In an era of flat stock markets, you can't afford to pay one cent more than you have to in fees. Finally, that's a message that investors have gotten loud and clear -- and they're doing something about it.
American Funds has long been one of the most popular mutual-fund companies in the nation. With huge funds like Growth Fund of America, the company is especially popular among investors who use financial advisors. Yet last year, investors took a whopping $33 billion out of the $122 billion fund -- contributing to a total net withdrawal from the fund family of $81.5 billion.
Why investors are giving up on active management
To understand the trend behind the move away from the Growth Fund of America, you have to take a look at where people are putting their money instead. Vanguard, long known for its low-cost no-load funds, pulled in the most money of any mutual fund family, up $29.5 billion.
Perhaps more impressive, however, is the shift toward exchange-traded funds. According to IndexUniverse, ETF inflows last year were more than double what came into mutual funds. All told, more than $119 billion in net inflows went into ETFs in 2011. And again, Vanguard turned out to be the winner in that universe as well, beating out larger firms State Street
The common thread that links those two facts is that people simply aren't willing to pay big fees. When active managers can't deliver the goods when it comes to performance, investors are learning to make the big decisions on their own -- and they're picking investments that will cost them as little as possible to do so.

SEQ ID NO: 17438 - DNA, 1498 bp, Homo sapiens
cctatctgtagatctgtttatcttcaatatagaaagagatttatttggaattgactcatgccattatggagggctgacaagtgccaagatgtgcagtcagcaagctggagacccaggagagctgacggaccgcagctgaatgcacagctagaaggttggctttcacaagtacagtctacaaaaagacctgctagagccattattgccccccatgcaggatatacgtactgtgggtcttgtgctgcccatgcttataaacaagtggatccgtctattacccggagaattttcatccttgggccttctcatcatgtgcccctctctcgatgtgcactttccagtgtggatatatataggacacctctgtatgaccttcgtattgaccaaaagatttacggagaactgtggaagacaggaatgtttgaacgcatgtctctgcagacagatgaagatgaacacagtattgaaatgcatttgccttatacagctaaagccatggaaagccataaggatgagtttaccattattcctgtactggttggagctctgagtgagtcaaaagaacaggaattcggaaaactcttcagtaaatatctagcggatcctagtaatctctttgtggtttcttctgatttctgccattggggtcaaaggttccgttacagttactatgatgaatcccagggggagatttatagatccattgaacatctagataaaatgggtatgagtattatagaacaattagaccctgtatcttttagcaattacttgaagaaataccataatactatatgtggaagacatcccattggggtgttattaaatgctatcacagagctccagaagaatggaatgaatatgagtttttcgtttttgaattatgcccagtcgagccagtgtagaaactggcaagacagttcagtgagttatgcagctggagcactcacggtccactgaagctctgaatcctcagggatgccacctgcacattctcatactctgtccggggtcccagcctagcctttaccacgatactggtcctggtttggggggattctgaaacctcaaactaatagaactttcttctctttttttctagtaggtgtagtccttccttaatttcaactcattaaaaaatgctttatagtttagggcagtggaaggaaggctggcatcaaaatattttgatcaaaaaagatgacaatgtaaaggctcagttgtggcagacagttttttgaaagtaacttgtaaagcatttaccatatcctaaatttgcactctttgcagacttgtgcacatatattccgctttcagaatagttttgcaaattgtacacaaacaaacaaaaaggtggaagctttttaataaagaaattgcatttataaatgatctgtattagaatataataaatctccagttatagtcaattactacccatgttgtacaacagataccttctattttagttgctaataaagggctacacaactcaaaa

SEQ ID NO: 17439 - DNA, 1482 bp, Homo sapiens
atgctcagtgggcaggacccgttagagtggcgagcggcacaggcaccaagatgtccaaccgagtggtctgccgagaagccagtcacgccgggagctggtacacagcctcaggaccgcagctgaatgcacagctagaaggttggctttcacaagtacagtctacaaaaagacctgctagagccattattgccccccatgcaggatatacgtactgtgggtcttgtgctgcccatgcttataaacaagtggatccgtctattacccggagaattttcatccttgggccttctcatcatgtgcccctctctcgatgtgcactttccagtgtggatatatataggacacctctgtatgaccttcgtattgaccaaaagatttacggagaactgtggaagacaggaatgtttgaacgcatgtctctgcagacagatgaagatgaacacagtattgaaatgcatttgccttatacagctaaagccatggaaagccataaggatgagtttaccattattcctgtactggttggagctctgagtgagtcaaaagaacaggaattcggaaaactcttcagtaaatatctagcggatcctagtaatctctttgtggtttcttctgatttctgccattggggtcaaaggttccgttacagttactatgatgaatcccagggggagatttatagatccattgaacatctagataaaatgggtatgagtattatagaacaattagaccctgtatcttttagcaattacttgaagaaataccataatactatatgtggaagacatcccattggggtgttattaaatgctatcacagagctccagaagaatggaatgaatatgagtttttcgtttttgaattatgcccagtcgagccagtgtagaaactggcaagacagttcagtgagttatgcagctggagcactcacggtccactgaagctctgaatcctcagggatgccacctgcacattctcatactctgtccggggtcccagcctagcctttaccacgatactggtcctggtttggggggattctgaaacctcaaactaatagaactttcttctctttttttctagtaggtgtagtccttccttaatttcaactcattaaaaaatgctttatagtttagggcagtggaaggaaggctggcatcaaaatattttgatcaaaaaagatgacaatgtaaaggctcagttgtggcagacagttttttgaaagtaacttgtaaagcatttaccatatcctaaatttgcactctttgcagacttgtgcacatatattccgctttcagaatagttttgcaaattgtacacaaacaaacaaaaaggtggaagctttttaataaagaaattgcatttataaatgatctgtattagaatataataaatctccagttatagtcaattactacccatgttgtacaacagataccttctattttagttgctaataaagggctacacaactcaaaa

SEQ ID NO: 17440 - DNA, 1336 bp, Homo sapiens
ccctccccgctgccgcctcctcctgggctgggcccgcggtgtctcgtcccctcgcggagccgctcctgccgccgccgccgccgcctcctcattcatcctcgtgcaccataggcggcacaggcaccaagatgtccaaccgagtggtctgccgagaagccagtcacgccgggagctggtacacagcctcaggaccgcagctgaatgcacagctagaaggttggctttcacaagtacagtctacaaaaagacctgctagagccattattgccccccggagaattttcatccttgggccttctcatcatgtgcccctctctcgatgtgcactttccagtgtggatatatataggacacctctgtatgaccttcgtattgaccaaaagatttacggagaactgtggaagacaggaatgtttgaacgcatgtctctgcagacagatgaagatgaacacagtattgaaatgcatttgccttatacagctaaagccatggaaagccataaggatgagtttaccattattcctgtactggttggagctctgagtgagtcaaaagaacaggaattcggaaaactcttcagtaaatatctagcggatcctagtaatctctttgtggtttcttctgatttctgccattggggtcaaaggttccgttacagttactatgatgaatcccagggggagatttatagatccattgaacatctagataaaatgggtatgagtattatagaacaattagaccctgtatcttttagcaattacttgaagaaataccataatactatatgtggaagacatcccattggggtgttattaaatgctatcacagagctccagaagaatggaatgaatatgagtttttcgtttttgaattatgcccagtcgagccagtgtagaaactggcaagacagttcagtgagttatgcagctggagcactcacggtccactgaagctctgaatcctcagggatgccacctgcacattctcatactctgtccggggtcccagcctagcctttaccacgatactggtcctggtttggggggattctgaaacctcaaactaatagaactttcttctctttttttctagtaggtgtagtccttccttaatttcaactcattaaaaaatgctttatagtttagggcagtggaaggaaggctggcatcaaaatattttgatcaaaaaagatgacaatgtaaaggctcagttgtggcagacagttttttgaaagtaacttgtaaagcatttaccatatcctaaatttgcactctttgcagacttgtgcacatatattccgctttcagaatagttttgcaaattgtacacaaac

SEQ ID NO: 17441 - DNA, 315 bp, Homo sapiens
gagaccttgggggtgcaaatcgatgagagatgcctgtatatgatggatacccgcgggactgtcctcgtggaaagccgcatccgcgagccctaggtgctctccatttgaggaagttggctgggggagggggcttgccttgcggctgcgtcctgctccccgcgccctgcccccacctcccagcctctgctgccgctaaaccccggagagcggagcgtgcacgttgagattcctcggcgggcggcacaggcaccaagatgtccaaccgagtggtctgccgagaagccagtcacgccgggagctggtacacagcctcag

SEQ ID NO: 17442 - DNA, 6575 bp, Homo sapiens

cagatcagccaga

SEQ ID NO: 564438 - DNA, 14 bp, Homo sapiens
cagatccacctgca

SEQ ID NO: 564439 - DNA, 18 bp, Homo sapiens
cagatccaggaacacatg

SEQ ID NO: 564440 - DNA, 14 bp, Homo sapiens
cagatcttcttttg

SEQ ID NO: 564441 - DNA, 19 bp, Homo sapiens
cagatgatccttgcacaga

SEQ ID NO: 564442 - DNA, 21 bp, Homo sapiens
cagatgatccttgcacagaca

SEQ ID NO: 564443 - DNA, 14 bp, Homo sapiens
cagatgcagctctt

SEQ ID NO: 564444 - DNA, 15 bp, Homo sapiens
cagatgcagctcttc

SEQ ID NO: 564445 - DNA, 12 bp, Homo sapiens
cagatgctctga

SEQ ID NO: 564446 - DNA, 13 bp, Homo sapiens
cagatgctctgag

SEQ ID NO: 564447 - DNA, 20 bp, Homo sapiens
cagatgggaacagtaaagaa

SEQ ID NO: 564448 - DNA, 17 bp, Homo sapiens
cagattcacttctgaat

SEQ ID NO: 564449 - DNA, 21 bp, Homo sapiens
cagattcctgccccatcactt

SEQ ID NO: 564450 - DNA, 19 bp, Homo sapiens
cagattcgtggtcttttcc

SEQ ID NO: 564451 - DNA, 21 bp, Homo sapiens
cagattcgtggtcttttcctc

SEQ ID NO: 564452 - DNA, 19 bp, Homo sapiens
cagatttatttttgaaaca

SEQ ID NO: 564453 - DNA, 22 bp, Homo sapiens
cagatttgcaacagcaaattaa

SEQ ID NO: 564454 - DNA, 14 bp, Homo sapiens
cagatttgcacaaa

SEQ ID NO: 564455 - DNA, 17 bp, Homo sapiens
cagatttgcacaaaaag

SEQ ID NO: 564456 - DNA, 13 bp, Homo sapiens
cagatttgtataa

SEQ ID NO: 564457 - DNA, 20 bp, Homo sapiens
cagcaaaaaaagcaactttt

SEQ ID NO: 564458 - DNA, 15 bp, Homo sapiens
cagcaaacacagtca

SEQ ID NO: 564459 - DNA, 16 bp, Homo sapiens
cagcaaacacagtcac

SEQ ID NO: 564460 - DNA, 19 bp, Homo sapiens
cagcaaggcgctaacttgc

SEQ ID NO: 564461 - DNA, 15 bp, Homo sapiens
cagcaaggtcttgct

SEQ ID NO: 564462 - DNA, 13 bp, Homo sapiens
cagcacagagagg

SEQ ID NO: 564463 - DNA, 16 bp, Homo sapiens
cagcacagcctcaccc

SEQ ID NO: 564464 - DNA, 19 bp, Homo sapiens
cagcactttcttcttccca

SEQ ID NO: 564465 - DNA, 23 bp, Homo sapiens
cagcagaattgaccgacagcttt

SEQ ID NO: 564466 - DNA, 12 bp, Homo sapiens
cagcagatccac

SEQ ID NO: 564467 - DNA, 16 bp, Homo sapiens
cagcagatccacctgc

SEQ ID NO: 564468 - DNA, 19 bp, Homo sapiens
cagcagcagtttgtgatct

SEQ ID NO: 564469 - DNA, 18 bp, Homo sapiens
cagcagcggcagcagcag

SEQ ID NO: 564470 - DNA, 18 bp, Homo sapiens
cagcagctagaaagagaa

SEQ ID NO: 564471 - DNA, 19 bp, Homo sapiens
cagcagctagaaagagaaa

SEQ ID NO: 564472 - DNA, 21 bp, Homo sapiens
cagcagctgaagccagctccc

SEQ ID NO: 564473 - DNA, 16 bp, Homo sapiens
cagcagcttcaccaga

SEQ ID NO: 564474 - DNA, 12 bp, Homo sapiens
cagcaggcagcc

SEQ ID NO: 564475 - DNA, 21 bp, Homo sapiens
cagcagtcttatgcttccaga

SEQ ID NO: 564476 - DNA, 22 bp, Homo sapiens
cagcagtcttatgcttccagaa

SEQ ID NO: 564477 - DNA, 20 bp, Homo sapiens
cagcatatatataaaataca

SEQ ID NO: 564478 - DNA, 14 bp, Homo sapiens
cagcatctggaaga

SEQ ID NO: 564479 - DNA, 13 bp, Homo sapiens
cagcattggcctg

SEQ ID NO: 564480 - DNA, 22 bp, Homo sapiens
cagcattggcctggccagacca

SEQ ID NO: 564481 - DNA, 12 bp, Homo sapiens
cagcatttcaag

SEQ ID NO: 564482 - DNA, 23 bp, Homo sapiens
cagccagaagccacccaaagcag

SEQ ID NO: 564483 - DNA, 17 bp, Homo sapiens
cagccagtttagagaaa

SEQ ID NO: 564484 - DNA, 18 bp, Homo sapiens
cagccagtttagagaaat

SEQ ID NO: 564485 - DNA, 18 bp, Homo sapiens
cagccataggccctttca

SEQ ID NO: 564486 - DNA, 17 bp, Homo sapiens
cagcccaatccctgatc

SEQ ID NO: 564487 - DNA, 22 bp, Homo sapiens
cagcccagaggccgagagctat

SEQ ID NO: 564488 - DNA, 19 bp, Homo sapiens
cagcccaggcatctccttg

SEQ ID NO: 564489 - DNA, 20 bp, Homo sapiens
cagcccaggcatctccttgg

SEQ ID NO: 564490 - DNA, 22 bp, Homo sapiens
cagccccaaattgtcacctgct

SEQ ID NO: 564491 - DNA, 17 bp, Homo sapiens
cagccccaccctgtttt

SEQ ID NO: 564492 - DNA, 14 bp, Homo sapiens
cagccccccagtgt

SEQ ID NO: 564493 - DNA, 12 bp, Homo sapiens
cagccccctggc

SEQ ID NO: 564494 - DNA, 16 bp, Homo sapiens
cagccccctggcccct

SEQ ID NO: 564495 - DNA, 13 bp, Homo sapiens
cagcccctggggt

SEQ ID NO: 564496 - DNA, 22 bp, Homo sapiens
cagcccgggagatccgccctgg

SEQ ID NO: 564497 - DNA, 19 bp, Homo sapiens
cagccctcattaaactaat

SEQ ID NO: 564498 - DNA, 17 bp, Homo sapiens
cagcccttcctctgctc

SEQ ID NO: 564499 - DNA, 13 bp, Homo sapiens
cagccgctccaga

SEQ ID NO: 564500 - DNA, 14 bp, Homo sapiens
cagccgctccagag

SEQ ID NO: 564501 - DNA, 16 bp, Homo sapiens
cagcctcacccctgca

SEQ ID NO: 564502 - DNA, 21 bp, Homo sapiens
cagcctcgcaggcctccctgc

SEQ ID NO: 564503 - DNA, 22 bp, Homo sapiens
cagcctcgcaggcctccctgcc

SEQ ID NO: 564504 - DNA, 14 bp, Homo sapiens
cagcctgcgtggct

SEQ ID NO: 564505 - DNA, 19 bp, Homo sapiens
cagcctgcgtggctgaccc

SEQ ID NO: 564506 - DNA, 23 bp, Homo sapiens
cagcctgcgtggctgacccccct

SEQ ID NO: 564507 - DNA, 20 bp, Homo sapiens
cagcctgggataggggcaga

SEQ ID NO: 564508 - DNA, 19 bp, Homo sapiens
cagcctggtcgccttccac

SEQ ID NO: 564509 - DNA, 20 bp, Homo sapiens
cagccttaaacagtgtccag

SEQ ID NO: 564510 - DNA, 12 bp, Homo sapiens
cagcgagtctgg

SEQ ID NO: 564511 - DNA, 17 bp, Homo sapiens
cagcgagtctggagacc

The ultimate move
Of course, depending on how much money you have to invest, the biggest cost-saver may be simply to use a discount brokerage to buy individual stocks. There's plenty of evidence that investors are doing exactly that, as TD AMERITRADE
But if you don't have enough money to build a diversified portfolio of individual stocks in a cost-effective way, you still don't have to settle for pricey investments. Consider these two choices:
- Growth Fund of America charges you a load of up to 5.75% straight off the top, meaning that less than $0.95 of every dollar you invest actually goes toward your investments. That money goes to pay your financial advisor, which may explain why the funds are so popular among the advisor set. Moreover, thereafter, you'll pay expenses of 0.68% for active management -- actually fairly low by most standards. In exchange for that, you would have earned returns of about 18% annually over the past three years.
- Conversely, you could go with a no-load mutual fund like Vanguard 500 Index. It carries no load and charges only 0.17% per year in expenses. And performance? At 20% per year over the past three years, it beats Growth Fund of America hands down.
Can you blame investors for giving up on active management when it produces results like these?
Get on the bandwagon
The fact is, you shouldn't be spending more than you have to for your investments. Even if you don't like keeping a close eye on your portfolio all the time, with ETFs and index mutual funds, you don't have to -- yet you can still have the exposure to stocks and other types of investments that you want. And at a price you can afford, it's never made more sense than now.
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Fool contributor Dan Caplinger goes his own way with his investments. You can follow him on Twitter here. He doesn't own shares of the companies mentioned in this article. Motley Fool newsletter services have recommended buying shares of BlackRock, TD Ameritrade, and Schwab. Try any of our Foolish newsletter services free for 30 days. We Fools may not all hold the same opinions, but we all believe that considering a diverse range of insights makes us better investors. The Fool's disclosure policy is fee-free for your protection.